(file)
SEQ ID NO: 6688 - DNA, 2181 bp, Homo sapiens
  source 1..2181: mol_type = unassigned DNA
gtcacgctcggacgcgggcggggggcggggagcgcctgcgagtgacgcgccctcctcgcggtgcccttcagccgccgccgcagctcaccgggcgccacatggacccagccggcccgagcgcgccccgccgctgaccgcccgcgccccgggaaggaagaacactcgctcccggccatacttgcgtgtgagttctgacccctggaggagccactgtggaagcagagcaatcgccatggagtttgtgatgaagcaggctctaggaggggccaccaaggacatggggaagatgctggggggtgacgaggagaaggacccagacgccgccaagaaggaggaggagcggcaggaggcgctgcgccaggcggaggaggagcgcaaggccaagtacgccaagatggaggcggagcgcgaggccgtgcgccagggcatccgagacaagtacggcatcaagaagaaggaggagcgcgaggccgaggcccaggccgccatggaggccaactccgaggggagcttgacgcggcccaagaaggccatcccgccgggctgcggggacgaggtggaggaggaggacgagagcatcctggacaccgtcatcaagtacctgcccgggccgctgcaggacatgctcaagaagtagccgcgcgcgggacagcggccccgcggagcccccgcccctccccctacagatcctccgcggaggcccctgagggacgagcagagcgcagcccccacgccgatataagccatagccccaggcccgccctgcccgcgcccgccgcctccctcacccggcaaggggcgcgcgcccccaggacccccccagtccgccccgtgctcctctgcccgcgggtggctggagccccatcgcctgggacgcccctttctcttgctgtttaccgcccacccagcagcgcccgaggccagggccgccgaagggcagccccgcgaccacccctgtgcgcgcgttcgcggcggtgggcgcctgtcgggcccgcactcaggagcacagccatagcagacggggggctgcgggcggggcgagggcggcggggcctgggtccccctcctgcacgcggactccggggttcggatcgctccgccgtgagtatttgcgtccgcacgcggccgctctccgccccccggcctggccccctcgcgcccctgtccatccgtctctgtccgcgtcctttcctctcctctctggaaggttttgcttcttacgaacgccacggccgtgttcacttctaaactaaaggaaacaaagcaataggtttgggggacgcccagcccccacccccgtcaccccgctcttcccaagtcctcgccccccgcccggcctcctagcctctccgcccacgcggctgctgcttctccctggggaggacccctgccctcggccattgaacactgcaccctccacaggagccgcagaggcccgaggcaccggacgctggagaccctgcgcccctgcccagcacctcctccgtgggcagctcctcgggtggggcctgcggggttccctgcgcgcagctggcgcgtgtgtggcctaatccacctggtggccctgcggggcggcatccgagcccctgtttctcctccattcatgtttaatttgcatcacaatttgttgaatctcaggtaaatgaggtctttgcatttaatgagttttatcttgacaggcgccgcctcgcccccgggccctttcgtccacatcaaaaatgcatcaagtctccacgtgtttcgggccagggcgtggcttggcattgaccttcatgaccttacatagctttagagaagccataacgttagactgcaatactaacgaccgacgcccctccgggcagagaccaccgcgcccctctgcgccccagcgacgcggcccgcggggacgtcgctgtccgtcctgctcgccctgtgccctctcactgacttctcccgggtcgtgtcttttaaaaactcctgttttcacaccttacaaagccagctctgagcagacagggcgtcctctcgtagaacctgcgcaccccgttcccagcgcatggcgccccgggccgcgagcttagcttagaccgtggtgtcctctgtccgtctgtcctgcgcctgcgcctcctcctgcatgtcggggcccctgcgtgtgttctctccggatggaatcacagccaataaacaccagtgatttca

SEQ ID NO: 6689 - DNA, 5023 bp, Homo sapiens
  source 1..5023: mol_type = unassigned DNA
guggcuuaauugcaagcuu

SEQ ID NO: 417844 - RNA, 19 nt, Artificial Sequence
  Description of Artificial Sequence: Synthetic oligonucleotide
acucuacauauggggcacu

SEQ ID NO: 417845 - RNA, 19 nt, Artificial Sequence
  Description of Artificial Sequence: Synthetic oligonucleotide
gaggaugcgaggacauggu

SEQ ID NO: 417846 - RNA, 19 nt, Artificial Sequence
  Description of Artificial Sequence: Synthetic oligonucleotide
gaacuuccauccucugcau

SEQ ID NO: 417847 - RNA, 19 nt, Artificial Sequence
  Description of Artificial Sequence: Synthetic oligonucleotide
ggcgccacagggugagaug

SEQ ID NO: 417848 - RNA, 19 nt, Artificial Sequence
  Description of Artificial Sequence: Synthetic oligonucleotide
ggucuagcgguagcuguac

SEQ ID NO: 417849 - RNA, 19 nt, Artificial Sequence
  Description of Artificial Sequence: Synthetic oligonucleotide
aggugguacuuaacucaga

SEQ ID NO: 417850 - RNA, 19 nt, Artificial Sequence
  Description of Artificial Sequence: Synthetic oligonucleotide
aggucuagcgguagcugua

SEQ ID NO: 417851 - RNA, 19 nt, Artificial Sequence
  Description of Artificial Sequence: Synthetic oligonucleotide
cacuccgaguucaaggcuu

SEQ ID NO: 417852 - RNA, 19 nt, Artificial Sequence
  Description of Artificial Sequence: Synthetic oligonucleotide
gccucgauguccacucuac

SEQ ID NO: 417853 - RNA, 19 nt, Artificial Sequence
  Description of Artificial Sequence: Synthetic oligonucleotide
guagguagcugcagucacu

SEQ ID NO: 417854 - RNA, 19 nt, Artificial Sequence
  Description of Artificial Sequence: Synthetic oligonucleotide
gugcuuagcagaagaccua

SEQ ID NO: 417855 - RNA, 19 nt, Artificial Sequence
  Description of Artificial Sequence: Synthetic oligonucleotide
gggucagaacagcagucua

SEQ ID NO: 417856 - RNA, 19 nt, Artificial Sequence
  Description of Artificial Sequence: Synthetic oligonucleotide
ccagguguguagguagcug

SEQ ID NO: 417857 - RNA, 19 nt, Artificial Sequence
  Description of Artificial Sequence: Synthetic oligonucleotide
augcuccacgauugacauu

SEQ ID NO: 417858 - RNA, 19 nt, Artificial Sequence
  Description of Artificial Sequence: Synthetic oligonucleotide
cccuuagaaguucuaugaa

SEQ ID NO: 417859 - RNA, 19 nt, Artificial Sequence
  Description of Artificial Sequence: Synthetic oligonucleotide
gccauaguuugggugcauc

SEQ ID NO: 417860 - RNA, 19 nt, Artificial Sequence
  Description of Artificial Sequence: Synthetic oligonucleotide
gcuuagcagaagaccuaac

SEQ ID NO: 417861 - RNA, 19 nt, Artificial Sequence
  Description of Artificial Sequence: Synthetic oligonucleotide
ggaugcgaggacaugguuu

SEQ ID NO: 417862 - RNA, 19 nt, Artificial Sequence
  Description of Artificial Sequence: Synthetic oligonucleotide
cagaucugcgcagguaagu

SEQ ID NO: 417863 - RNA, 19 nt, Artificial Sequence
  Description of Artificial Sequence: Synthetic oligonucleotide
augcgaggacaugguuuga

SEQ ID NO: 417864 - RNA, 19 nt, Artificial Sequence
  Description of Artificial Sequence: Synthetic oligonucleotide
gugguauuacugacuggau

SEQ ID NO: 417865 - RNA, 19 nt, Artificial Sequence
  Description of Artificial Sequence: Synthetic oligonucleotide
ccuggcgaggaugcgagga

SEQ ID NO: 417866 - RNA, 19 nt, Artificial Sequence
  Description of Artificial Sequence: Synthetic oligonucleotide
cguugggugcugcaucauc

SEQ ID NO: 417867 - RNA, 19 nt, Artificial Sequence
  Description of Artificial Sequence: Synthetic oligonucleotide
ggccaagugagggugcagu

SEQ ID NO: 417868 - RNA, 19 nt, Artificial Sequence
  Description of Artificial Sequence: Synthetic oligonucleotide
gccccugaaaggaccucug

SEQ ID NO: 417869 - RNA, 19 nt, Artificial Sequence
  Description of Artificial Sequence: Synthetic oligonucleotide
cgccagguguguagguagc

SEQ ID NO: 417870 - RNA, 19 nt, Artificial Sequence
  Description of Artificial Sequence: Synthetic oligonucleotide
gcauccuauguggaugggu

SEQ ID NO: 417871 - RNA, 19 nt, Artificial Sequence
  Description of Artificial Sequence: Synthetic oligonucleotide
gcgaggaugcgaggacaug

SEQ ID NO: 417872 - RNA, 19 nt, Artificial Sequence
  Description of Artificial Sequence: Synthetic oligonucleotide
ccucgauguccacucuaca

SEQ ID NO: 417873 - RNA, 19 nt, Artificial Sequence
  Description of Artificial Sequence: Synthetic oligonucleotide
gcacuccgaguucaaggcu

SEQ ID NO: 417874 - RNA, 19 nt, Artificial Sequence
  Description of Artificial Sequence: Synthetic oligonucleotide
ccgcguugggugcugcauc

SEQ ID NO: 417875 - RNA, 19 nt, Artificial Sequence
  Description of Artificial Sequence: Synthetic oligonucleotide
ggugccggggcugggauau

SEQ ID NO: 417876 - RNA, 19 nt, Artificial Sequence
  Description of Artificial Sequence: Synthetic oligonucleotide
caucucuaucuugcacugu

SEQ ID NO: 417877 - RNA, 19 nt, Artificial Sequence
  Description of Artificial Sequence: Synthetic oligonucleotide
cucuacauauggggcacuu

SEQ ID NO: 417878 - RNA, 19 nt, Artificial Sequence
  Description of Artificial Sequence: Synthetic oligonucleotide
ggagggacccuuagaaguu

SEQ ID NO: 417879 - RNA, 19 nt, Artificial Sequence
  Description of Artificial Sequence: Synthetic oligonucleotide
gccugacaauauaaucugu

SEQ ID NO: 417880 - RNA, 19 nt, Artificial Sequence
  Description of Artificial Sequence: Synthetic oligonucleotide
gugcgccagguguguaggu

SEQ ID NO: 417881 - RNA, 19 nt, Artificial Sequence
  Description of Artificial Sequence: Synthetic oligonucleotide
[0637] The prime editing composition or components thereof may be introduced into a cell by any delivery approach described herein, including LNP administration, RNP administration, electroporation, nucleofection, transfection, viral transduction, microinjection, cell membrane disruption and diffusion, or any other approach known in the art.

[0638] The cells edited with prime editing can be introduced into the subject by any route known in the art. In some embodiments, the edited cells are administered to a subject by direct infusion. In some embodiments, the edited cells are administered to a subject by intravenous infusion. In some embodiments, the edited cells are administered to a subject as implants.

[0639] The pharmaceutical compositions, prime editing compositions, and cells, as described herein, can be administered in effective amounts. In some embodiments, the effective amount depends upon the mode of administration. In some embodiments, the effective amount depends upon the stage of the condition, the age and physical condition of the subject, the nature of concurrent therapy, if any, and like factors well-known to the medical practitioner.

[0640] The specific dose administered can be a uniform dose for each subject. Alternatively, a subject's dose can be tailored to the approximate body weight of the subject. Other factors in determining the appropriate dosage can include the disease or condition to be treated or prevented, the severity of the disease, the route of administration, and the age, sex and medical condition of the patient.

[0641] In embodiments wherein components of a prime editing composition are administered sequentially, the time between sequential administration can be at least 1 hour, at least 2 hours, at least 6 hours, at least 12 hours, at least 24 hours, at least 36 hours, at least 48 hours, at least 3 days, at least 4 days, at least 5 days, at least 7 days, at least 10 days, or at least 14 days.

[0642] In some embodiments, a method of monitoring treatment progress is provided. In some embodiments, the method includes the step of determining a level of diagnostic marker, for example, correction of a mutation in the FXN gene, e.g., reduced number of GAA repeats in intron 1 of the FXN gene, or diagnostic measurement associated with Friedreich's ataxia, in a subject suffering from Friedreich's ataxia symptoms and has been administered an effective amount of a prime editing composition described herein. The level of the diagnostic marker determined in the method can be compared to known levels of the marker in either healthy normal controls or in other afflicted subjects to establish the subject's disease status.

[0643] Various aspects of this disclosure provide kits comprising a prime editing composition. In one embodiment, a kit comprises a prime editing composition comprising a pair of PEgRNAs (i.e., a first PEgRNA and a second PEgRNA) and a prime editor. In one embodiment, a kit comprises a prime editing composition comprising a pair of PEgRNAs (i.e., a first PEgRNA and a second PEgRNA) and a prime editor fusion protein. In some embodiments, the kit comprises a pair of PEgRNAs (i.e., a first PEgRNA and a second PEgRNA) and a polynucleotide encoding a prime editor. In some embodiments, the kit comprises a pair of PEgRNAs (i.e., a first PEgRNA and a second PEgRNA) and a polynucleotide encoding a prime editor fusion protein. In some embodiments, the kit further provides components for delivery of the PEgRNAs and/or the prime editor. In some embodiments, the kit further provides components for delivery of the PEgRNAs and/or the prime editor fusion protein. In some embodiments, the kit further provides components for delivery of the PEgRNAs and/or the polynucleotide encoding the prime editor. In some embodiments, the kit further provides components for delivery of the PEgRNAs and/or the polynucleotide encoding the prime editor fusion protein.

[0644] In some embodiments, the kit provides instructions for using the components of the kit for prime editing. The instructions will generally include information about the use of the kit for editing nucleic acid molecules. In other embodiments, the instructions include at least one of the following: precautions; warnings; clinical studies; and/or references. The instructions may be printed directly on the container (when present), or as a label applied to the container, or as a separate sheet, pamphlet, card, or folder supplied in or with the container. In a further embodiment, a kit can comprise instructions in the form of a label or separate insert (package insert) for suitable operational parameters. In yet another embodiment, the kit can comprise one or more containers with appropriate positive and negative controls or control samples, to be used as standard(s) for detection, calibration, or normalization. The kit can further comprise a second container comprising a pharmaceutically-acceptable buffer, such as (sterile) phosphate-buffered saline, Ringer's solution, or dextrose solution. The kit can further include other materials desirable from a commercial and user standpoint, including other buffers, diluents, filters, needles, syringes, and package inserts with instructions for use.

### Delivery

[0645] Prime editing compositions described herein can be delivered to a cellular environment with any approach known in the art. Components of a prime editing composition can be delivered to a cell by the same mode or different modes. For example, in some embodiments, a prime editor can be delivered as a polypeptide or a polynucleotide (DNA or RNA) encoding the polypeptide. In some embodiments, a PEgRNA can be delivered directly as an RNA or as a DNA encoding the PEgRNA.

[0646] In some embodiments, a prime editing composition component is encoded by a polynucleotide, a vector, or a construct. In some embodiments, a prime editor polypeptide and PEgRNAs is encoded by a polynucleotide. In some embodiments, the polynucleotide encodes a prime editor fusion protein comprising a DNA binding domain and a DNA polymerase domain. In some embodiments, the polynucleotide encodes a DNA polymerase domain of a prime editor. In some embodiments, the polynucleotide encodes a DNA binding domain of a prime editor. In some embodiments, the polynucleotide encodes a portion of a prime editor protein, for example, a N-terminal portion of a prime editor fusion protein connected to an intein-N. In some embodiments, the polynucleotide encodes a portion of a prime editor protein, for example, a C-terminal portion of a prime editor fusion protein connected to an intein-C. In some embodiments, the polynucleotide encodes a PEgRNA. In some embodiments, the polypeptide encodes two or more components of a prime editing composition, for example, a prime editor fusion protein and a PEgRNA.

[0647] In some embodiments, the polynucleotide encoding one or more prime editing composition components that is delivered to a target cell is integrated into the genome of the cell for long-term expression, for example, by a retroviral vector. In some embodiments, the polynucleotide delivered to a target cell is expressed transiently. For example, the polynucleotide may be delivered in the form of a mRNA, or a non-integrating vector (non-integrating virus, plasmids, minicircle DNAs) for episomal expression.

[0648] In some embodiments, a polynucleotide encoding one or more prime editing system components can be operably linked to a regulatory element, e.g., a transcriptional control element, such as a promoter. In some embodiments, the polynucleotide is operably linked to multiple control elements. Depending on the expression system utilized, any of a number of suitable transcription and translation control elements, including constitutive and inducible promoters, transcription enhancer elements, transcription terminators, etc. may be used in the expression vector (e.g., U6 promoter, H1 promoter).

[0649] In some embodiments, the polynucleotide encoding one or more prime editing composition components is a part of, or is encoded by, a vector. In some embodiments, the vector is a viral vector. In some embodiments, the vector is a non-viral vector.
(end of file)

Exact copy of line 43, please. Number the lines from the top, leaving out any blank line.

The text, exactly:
SEQ ID NO: 417856 - RNA, 19 nt, Artificial Sequence